Career Overview for the Physics Major
The physics major is designed to explore and understand the laws that govern the universe. We apply those laws in practical ways to everyday things like bridges, circuits, and GPS navigation, and to less familiar concepts like subatomic structure, quantum information, and the relationship between entropy and the flow of time. Students accomplish this though problem solving strategies that are taught, practiced, reflected upon, and refined throughout the major. This type of critical thinking empowers students to design ways to model and solve problems in the world that don’t yet have solutions. Our students recognize that the complexity of 21st century problems require the coordinated efforts of many individuals. To this end, physics majors learn to communicate their ideas persuasively and honestly, and they possess a framework that enables collaboration within a diverse team.
Internship & Career Exploration
Hendrix physics majors go on to solve problems beyond Hendrix as engineers, scientists, doctors, attorneys, consultants, and even CEOs. They work with data, equipment, chemicals, finances, energy, and people. But most of these majors didn’t know that as freshers – they discerned their path along the way through engaged learning opportunities like:
- Internships and Shadowing Experiences: One student’s passion renewable energy led her to an internship with Scenic Hill Solar, a solar development company in Little Rock, Arkansas.
- Research: One student has been working for the past 1.5 years with a faculty member on the design and testing of 3D printable optomechanical components that can be used to build custom optical systems.
- Postgraduate Studies: Students continue to explore their career path by continuing their studies in dual-degree engineering programs, in physics graduate programs, and in professional schools.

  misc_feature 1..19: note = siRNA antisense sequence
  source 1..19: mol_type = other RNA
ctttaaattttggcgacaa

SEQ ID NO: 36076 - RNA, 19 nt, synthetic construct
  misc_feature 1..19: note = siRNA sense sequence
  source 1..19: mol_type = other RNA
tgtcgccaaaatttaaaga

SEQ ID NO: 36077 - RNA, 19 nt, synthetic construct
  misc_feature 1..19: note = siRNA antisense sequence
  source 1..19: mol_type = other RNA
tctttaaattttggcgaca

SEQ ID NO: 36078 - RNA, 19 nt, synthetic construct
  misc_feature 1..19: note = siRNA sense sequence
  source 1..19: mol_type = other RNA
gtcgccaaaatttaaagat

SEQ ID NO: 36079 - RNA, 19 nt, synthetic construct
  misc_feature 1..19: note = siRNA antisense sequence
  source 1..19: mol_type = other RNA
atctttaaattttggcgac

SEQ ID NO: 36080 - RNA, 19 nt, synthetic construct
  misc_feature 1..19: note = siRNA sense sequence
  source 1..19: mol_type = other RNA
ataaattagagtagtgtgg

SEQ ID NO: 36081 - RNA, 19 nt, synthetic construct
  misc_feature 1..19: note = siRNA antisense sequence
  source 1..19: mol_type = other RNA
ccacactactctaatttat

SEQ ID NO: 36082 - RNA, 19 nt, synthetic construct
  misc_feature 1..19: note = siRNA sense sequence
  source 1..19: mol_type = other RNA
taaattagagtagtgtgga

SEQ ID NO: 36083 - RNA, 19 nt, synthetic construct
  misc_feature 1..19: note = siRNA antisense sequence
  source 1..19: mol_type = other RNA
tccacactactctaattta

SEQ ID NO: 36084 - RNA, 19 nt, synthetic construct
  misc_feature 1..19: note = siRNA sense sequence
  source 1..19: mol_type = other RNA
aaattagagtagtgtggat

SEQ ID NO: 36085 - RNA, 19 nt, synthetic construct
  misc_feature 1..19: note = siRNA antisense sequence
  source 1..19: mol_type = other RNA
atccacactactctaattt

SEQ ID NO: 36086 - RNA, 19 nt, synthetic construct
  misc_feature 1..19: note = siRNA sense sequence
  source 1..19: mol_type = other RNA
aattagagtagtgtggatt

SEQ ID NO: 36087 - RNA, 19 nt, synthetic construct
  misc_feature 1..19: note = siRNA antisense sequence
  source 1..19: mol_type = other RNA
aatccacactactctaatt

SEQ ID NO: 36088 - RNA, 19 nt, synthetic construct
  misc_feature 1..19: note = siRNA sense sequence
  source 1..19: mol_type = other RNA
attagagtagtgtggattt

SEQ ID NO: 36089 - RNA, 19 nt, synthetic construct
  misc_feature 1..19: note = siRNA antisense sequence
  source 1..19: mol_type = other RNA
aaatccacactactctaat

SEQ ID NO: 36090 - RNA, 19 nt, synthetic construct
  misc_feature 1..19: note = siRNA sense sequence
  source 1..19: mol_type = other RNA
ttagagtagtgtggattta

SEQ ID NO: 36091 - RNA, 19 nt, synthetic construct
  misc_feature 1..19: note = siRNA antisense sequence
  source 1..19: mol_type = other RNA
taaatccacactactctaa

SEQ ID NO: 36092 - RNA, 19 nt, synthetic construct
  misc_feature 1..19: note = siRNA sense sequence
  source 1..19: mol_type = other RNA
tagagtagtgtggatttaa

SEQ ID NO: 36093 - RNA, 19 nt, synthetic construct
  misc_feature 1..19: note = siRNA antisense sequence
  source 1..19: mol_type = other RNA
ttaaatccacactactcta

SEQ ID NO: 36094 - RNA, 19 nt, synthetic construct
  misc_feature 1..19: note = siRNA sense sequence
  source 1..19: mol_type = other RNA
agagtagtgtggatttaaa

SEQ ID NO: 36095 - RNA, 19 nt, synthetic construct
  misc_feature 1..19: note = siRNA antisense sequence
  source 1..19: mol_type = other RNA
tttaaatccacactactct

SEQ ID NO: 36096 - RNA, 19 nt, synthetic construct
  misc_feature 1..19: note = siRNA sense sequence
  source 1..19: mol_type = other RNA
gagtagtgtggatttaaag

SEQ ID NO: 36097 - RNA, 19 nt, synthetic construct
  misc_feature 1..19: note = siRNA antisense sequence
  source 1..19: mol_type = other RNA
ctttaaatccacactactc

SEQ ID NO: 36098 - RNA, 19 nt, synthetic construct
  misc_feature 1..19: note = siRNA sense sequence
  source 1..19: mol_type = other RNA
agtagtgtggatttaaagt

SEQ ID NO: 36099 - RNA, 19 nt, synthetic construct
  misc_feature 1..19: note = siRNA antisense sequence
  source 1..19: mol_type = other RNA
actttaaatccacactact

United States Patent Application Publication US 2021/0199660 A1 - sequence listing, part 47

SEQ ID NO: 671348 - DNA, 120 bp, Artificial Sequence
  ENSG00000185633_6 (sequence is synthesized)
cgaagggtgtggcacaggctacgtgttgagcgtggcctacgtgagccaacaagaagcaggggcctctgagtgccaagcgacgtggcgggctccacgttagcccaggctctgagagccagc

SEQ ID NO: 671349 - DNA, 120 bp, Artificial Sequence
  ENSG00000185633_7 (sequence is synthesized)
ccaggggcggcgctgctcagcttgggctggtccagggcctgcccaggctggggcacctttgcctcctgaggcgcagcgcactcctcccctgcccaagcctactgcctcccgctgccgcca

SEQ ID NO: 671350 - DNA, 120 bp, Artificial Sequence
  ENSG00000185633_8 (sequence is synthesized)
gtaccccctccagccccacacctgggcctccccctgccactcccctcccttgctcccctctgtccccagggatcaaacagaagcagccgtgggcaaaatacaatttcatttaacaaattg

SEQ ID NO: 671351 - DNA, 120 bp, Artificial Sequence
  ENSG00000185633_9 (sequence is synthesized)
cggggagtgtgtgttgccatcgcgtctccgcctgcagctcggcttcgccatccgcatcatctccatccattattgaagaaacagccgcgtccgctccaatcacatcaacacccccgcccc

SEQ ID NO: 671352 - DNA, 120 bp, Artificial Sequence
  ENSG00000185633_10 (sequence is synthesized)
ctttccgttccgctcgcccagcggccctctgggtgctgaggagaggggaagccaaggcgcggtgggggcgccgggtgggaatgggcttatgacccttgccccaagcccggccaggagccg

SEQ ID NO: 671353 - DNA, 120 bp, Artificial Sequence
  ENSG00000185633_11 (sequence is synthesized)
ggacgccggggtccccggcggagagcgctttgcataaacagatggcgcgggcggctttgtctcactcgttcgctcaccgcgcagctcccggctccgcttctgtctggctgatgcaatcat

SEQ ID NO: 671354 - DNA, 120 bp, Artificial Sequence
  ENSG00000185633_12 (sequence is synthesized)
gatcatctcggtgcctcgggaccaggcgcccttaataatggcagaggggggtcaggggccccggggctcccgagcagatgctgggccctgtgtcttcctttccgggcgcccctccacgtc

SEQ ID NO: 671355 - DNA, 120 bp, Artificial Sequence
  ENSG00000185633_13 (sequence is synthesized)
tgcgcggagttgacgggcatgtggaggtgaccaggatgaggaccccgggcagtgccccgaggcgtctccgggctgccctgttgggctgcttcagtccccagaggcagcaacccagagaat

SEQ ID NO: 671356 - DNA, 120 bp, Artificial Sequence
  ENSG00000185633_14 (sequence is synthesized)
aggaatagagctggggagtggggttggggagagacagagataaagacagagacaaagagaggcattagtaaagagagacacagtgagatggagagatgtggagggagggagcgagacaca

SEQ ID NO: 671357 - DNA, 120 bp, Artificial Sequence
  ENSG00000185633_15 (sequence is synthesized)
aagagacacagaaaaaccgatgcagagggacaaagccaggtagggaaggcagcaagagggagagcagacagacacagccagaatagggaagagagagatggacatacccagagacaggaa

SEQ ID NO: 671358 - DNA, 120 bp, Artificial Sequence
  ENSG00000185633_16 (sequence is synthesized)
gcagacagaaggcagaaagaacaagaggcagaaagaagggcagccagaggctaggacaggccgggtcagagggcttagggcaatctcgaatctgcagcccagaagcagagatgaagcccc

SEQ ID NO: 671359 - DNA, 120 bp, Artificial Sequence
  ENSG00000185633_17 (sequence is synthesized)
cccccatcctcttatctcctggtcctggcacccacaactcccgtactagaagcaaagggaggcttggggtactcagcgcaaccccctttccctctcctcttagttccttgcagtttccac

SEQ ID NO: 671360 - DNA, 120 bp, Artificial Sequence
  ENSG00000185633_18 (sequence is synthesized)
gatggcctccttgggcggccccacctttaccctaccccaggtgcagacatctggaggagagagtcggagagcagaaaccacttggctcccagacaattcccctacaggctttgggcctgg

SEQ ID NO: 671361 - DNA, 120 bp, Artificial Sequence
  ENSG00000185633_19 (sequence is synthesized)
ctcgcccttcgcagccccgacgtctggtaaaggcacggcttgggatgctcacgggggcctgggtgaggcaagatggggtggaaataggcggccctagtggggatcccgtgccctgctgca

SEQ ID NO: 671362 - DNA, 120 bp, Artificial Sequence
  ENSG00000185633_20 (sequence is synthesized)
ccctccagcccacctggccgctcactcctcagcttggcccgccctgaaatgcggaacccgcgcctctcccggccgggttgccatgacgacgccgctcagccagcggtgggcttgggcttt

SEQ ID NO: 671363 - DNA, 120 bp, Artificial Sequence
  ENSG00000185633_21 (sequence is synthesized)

Students might start by examining an online resource like “What can I do with this major?” for physics, but we advise student to take advantage of the accessibility of faculty and staff in the department and in career services. Mentoring plays an important role in connecting students to alumni and employers, and growing student interest into graduate success.
Employment & Graduate School
Examples of recent first destinations for our graduates include:
- PinnacleART (TX)
- Keysight Technologies (TX)
- Epic (WI)
- Apptegy (AR)
- Materials Science at Vanderbilt University (TN)
- Masters of Arts in Teaching at the UA Fayetteville (AR)
- Energy and Environment at UC Boulder (CO)
- Physics at UC Berkeley (CA)
- Aerospace Engineering at UT Austin (TX)
- Information Technology at Carnegie Mellon University (PA)
- UA Little Rock Bowen School of Law (AR)
- Indiana University School of Medicine (IN)
Hannah McWilliams graduated with a physics degree form Hendrix in 2013 then went on to earn her masters in aerospace engineering from the University of Texas at Austin in December of 2015. She has worked for Odyssey Space Research and for the Center for Space Research. At the Center for Space Research she was part of the Gravity Recovery and Climate Experiment Follow-On mission, a joint project between NASA and the German Research Centre for Geosciences that makes precision measurements of the water flow on and in the earth to study the effects of climate change. She now works as an engineer for Lockheed Martin on projects that, if she told you about them, she would have to kill you.
A.J. Sanfilippo ’11 went to Washington University in St. Louis to complete a masters degree in Mechanical Engineering and a J.D. at the University of Texas at Austin School of Law. He’s now an Associate Patent Attorney for the Garg Law Firm in Richardson, Texas.
Lauren Kendall Barker ’10 completed a Ph.D. at the University of Memphis in Geosciences and now works as a geophysicist for Hess Corporation.
Chelsey Bryant Krug ’01 graduated from Hendrix with a degree in Physics and went on to obtain a Mechanical Engineering Degree from Washington University in St Louis, as part of the 3-2 program via Hendrix. She began her post-graduate work at the Laboratory for Atmospheric and Space Physics (LASP) in 2002, working on the Student Dust Counter for the New Horizons spacecraft that encountered Pluto in 2015. After earning her masters in Aerospace Engineering from the University of Colorado, she accepted a full time position with Laboratory, and is currently the Production Manager for LASP. Her portfolio includes projects that have launched to study Mars, the Moon, the Sun, and the Earth's atmosphere.